Still the phone rings on. Using my thumb to slide the icon button, I pray I can hit speaker phone without looking. The ringing stops, and a male voice I don’t recognise speaks.

“Jules…Jules, answer me.”

“Help me,” I choke.

The voice sighs loudly as if he has been holding his breath to hear my voice. “You’re okay, Sweetheart. Just hang on for a little longer.”

“I’m trapped,” I sob, although it comes out more like a squeak.

“It’ll be over soon, Jules.”

The voice is soothing, and something stirs in the back of mind. The way he said sweetheart felt familiar. Do I know him? My mind is a hazey mess.

“Jules, you still there?” says the voice again.

“Yes,” I sob.

“Good girl. How is your head feeling?”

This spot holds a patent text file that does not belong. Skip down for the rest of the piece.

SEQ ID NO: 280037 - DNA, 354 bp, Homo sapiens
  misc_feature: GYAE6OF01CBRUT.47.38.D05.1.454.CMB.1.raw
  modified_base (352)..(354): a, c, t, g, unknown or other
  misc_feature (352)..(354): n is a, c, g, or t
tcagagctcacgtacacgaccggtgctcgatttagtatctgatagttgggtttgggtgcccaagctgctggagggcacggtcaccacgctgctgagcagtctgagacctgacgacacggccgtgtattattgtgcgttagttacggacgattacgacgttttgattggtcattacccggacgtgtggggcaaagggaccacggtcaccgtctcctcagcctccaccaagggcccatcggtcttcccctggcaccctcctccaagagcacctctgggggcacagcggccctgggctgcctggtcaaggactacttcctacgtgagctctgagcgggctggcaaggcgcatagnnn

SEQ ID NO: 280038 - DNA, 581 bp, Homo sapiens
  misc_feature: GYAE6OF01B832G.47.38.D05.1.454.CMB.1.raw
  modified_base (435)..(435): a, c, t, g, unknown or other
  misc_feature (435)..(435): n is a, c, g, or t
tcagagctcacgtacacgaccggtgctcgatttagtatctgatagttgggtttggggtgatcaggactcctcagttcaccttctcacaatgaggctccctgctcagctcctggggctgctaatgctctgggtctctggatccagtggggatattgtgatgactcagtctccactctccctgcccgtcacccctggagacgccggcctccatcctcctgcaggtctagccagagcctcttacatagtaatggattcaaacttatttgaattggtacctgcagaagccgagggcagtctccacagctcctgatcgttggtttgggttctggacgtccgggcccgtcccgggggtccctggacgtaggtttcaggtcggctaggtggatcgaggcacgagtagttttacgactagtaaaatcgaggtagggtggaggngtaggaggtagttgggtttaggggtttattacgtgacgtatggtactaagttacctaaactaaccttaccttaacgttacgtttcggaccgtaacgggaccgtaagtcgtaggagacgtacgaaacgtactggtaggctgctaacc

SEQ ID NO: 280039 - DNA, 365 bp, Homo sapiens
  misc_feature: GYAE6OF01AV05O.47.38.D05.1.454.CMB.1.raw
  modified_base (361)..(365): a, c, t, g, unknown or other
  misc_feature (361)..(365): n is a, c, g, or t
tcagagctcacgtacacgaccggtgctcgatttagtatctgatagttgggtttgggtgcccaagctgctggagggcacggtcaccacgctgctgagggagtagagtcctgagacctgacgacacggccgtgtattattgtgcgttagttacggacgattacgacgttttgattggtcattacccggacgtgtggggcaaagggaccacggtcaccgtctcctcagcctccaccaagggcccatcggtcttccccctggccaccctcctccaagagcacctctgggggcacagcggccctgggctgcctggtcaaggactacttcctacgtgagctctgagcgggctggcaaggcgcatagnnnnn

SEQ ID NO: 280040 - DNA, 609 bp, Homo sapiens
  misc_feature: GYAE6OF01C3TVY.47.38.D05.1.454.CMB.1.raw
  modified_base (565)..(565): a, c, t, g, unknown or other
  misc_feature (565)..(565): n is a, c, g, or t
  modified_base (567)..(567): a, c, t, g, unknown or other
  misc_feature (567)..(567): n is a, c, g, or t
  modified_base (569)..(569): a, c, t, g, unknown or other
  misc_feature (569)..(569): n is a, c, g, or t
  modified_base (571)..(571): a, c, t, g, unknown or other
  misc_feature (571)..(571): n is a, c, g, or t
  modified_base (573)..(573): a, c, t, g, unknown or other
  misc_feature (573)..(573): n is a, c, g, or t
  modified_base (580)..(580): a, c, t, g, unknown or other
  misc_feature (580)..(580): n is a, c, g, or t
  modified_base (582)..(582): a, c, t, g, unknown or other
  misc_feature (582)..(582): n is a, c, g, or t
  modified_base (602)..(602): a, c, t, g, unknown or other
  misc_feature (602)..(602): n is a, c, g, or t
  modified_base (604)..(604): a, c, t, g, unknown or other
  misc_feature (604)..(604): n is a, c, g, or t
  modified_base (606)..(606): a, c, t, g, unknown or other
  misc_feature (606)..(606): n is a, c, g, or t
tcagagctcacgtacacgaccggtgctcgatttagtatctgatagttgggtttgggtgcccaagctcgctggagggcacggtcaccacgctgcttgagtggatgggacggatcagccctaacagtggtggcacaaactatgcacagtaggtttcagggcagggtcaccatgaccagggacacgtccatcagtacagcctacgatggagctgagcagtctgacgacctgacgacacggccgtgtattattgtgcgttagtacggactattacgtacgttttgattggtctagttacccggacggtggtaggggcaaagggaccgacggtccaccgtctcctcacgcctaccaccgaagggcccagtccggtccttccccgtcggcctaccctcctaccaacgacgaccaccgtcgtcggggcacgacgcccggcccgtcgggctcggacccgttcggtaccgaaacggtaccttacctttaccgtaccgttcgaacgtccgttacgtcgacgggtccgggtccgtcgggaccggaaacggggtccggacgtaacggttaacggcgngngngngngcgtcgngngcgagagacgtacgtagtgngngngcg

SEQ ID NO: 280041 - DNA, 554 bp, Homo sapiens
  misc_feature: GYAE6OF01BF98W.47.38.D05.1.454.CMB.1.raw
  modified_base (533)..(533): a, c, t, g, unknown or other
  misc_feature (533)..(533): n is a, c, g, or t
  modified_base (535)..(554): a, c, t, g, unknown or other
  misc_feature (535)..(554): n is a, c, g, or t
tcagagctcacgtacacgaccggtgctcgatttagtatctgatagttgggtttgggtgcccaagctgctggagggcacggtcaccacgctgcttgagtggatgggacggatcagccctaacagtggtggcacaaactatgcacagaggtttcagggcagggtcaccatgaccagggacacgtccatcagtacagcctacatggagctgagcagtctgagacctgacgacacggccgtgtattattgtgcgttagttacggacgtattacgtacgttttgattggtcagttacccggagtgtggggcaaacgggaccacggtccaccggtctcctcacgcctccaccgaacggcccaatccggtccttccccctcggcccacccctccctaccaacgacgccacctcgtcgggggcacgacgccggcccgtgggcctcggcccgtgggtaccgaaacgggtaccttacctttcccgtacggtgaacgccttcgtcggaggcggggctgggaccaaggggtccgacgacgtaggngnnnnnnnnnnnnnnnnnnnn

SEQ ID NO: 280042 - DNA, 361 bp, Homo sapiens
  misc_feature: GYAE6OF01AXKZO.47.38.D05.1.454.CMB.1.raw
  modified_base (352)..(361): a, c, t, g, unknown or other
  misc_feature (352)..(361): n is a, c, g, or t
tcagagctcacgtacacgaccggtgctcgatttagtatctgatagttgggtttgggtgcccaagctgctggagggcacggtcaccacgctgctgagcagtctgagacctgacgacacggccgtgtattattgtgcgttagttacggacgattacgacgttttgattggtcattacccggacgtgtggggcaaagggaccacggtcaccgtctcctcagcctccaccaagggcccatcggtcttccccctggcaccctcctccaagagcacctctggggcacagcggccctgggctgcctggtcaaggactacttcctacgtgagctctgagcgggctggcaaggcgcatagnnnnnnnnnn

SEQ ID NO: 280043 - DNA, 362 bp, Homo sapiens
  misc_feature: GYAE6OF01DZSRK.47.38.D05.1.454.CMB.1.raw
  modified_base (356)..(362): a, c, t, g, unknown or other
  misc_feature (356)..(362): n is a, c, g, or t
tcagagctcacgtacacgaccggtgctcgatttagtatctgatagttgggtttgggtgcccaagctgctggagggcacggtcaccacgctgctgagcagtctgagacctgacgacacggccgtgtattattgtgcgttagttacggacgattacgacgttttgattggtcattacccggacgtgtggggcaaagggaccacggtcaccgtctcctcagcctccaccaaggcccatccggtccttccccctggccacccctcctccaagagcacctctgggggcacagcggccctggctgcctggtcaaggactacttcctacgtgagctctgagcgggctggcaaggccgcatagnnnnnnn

I hadn’t thought about it until now, but my head is pounding. “Sore,” I tell the voice.

“It’ll pass, Sweetheart. We’re nearly there now.”

Nearly there, that rings a bell. Someone has said that to me before… he has said that to me before. “Do I know you,” I say, struggling against my dry throat.

There is silence. “Do you not remember the last sixteen weeks?”

Why does he sound so sad? Sixteen weeks? The past three weeks I have been working, eating, and sleeping. That is the sum of it. “Work,” I croak. “I was at work last night.”

Silence again. “That’s okay, Jules. Sometimes they don’t remember… it’s okay.”

He sounds so sad, the sadness in his voice almost seeps through the phone and into my bones. “You’re upset. I’m sorry,” I say. It is instinctual to me. I apologise all the time- even if I’m not in the wrong, but I know I have hurt this man.

“It’s not your fault, Sweetheart. We’re nearly there, okay? Not long now.”